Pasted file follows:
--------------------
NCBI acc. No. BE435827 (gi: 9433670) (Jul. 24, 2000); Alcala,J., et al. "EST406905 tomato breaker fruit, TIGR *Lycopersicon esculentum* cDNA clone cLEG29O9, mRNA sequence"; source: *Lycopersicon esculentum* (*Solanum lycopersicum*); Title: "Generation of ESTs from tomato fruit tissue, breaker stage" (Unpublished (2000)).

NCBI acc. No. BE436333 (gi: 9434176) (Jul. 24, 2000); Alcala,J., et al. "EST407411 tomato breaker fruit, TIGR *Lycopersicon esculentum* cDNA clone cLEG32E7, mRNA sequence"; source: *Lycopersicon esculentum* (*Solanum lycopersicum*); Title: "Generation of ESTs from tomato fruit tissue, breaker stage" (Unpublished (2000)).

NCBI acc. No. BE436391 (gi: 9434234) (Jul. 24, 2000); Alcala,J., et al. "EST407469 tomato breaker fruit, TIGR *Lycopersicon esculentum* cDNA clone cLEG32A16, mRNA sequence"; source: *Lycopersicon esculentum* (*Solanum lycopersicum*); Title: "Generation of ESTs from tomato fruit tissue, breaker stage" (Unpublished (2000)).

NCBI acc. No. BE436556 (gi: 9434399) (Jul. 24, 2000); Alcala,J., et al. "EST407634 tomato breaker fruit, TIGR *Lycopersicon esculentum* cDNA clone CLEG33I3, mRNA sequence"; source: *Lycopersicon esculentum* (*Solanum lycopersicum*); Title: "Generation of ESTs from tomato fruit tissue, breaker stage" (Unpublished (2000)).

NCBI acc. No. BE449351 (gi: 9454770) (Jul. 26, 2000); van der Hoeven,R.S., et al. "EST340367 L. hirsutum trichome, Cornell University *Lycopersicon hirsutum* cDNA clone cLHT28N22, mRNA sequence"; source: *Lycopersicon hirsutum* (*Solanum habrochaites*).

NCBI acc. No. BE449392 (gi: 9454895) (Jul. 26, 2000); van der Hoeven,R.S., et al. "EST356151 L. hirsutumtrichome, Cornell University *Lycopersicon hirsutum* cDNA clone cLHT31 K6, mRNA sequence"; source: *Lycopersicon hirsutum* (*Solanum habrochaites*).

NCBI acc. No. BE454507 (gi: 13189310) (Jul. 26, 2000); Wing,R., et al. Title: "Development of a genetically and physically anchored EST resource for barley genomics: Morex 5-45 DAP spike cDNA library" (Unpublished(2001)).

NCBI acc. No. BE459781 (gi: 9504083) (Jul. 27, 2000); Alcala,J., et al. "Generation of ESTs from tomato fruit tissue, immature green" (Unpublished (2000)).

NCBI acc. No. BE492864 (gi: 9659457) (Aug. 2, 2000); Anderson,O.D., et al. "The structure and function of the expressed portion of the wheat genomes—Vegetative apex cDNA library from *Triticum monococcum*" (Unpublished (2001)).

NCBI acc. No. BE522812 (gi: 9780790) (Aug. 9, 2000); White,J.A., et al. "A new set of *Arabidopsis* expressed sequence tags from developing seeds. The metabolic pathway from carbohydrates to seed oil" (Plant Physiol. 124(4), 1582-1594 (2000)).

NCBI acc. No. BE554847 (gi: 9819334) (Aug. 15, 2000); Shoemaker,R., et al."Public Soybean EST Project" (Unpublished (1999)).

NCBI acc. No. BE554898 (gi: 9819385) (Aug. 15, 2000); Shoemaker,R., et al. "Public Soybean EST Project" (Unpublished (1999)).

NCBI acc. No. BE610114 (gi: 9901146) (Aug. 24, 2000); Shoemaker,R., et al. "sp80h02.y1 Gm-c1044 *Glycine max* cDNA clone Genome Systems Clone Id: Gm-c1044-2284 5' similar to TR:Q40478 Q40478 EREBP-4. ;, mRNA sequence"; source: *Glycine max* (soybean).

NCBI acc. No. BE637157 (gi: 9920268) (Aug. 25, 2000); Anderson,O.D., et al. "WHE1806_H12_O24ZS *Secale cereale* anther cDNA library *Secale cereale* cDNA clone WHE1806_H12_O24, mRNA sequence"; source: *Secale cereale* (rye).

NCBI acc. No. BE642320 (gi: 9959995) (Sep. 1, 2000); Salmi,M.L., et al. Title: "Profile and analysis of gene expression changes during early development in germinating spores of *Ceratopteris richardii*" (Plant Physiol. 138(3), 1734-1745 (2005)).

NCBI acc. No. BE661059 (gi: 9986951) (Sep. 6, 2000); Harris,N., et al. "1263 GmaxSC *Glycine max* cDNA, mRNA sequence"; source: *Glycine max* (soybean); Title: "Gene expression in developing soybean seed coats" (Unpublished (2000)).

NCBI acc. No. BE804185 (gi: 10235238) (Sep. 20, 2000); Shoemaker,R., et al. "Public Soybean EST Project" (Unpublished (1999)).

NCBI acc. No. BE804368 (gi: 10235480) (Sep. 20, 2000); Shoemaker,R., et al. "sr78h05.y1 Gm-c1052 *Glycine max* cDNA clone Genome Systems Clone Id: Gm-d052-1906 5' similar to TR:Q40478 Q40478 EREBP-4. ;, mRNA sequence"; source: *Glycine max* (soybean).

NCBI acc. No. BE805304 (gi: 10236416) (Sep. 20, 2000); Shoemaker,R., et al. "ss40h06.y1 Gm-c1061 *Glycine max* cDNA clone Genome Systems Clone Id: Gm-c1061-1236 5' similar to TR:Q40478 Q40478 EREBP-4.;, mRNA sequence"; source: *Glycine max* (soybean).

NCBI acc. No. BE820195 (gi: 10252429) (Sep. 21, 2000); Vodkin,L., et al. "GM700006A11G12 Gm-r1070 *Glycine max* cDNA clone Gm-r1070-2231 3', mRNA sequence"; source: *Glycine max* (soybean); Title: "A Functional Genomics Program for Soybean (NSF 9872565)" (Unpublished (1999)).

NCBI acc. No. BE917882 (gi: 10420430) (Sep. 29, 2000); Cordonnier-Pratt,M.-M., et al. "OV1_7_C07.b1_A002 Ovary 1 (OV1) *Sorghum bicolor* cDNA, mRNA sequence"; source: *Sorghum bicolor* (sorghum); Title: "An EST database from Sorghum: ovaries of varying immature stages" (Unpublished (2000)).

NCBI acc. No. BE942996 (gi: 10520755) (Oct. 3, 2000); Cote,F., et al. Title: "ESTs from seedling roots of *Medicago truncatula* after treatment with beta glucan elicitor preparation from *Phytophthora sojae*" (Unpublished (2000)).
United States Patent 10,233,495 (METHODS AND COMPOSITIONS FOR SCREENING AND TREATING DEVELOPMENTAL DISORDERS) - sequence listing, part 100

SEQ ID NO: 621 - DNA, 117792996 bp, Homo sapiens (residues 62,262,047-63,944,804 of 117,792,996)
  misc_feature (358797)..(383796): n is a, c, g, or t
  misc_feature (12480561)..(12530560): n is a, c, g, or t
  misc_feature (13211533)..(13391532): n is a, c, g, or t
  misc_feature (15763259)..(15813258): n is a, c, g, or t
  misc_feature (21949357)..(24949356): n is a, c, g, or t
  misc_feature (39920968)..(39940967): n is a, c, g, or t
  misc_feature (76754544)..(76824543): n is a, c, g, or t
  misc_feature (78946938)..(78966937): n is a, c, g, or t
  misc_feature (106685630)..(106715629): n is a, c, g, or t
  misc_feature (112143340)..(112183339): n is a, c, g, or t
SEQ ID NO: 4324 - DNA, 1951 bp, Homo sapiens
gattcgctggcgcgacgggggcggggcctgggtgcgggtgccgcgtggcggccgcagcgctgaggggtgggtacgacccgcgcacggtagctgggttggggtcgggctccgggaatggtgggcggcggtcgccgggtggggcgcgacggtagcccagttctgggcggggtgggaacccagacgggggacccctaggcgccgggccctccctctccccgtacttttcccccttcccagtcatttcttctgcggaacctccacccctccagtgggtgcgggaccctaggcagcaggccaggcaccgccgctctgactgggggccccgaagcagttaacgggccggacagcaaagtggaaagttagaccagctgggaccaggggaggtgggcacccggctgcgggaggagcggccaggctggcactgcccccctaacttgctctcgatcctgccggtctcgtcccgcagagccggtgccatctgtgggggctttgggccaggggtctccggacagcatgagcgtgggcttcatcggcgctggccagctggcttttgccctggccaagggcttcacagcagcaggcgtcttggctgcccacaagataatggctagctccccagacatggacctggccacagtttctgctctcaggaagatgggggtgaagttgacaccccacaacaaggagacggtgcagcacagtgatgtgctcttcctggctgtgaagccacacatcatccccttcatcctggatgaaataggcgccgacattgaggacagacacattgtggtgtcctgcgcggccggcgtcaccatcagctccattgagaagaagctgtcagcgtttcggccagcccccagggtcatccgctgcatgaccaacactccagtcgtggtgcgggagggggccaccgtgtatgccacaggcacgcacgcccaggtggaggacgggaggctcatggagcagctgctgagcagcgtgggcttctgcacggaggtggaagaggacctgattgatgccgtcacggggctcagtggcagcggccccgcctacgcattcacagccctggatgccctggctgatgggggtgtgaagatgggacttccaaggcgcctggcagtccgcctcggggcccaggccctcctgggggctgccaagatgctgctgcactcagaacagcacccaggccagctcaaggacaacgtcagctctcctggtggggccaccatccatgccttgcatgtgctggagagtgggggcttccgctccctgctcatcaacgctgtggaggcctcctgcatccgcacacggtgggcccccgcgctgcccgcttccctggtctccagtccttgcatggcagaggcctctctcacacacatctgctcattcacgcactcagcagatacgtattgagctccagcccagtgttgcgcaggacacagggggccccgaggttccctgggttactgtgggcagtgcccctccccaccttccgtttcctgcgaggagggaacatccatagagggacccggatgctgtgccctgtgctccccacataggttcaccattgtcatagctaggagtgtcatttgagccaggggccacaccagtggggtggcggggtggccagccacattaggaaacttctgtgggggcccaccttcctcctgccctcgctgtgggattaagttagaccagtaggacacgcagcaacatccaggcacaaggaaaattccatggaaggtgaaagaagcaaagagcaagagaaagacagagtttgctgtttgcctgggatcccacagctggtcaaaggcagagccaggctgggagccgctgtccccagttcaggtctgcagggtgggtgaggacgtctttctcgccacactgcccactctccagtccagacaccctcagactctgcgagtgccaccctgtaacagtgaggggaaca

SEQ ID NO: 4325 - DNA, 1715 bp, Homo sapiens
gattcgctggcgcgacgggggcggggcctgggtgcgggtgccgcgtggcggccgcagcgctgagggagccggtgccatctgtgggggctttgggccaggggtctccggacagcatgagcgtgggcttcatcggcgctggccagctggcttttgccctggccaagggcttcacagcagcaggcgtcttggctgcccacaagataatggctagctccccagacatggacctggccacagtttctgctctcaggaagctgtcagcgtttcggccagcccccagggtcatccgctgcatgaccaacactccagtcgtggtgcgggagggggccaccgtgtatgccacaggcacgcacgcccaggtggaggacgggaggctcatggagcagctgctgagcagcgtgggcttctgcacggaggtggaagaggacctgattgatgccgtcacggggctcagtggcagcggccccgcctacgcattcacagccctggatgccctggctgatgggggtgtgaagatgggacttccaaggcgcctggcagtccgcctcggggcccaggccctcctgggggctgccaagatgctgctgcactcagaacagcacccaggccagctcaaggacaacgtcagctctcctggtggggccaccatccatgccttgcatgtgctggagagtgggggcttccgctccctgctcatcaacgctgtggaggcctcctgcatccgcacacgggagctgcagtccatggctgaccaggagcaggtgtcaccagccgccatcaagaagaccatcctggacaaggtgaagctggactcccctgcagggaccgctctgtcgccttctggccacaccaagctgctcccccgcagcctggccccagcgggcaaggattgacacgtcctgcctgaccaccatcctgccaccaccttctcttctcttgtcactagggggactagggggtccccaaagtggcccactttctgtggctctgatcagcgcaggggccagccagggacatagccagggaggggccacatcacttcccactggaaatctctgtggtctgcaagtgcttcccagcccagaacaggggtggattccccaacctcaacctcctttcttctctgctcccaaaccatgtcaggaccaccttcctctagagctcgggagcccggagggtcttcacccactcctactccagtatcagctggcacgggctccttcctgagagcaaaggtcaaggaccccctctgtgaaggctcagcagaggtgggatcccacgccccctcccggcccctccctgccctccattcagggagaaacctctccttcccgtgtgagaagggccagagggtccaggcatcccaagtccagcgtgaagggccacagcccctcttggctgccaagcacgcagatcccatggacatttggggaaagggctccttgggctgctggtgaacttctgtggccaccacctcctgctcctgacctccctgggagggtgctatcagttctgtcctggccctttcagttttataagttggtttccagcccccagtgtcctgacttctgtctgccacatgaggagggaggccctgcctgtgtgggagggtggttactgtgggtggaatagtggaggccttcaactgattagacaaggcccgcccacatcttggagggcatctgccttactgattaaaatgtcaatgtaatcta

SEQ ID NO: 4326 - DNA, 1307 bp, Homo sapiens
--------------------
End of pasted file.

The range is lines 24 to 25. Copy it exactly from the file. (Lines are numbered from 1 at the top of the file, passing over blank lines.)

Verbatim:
SEQ ID NO: 621 - DNA, 117792996 bp, Homo sapiens (residues 62,262,047-63,944,804 of 117,792,996)
  misc_feature (358797)..(383796): n is a, c, g, or t